Pria’s Indonesian life had been a privileged one. If nothing else, this period of exile in Oz had taught him that. To his father, Pria had managed his banishment with grace, demonstrating a willingness to roll up his sleeves, accept a modest job and continue to practice the religion his family had covertly followed for generations. It was not easy being a Christian in the largest Muslim community on the planet and it was this subterfuge that taught his family the value of secrets in pursuing a life above the stink of the street.

This singular skill had allowed his father to parlay a lowly bureaucratic position in a distant province into a cabinet post in the national government through accumulation of indebtedness. Daddy had discovered early that removing obstacles from the path of the seriously wealthy allowed the now Minister for the Interior to mine a rich vein of intelligence essential to the dark arts of obligation which in turn fed his rapid rise.

However, along the way, he had also collected some rather unsavoury predilections. His need for ‘the comfort’ of periodic visits to carefully selected inmates of Java’s Sukmiskin prison was disingenuously portrayed as another intelligence-gathering exercise. It was anything but. While daddy had underestimated the security of his antics, Fatso had not.

And here, dear reader, is where our stories intersect. For it was a coked-up Pria brat that surrendered the structural integrity of his arm to McKeever’s careless strength on believing that the blathering of this ‘entry co-ordination agent’ on the door of Jakarta’s Best Boogey Baby Boom Room nightclub did not apply to him. And it was Fatso’s infatuation with McKeever that allowed Pria’s daddy to quickly learn that there were others that knew of his taste for the dark side. Immediately understanding which side his roti was oiled on, the Minister for the Interior invited McKeever to return to his home country, sans the assault charge that had found him weeping in one of the less sanitary cells of Sukmiskin prison.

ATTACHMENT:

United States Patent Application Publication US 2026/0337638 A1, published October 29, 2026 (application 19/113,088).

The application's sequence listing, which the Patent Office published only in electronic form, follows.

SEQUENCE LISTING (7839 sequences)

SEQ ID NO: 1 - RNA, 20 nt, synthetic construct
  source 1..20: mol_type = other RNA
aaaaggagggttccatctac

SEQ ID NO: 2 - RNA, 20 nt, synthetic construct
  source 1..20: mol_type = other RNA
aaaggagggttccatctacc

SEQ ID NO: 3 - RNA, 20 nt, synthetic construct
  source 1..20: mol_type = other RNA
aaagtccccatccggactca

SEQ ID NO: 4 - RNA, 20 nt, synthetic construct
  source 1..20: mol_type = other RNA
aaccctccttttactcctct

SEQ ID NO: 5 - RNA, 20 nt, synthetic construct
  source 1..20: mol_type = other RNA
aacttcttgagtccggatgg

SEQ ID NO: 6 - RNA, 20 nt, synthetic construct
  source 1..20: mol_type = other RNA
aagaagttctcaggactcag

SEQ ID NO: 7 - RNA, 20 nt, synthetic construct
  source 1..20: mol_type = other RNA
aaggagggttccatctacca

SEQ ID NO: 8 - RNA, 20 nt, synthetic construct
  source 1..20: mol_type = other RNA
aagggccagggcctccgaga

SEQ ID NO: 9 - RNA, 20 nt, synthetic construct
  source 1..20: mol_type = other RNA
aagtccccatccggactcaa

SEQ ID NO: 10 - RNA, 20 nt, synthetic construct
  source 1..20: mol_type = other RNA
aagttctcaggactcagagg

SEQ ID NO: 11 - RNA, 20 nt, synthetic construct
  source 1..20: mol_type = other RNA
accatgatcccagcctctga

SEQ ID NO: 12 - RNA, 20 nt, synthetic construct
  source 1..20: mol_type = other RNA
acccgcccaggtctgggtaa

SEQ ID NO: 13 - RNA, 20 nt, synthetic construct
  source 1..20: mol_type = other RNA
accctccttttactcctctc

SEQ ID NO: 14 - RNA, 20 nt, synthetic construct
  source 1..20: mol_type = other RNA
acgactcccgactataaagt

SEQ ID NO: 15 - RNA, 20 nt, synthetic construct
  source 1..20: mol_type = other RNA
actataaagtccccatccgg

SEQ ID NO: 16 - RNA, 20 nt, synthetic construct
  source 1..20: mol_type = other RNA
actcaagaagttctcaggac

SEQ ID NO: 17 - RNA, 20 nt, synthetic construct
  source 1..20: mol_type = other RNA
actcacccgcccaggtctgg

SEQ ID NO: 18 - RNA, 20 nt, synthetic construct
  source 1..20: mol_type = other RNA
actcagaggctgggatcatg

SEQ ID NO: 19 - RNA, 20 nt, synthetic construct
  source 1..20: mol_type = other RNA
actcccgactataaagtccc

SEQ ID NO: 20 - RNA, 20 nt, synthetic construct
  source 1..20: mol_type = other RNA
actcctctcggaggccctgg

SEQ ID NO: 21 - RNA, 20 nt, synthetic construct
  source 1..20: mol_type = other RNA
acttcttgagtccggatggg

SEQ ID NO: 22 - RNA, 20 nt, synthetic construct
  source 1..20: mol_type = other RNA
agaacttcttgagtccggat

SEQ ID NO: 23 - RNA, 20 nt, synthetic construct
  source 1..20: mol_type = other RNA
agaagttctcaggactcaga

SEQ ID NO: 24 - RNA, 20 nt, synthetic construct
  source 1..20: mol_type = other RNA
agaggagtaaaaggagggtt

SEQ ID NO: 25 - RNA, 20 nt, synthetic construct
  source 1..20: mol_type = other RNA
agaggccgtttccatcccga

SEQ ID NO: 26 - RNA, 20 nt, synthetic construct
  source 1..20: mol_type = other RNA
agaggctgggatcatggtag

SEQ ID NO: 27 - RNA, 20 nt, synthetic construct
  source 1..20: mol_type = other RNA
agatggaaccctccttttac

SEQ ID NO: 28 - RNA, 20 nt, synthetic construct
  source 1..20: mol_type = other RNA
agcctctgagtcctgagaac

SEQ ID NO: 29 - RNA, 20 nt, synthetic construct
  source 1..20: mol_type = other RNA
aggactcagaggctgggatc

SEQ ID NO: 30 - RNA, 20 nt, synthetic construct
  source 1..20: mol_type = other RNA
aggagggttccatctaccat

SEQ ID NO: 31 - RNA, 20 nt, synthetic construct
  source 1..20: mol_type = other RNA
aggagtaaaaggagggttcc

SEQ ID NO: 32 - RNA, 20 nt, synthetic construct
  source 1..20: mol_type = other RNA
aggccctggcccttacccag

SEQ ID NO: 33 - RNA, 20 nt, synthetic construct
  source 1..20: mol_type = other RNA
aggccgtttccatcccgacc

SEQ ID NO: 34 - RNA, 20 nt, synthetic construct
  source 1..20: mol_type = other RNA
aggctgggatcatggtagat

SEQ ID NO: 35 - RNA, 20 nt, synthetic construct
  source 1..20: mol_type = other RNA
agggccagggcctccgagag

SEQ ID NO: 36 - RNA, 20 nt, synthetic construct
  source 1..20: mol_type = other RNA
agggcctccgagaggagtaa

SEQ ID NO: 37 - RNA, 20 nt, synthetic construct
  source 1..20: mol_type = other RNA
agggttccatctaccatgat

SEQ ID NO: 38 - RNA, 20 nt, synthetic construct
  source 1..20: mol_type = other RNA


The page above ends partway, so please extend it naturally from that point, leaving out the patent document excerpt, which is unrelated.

A furious parent then turned on his unruly son, banishing him to the gulag of Melbourne to ‘have a cold hard look at himself’ admonishing him to return to the bosom of the home only when he clearly understood how the family business worked – a farrago of obfuscation, invention, structural mystery and flat out bullshit wrapped in a fog of entitlement, empty authority and a knack for keeping one’s dynastic activities well below the battlements.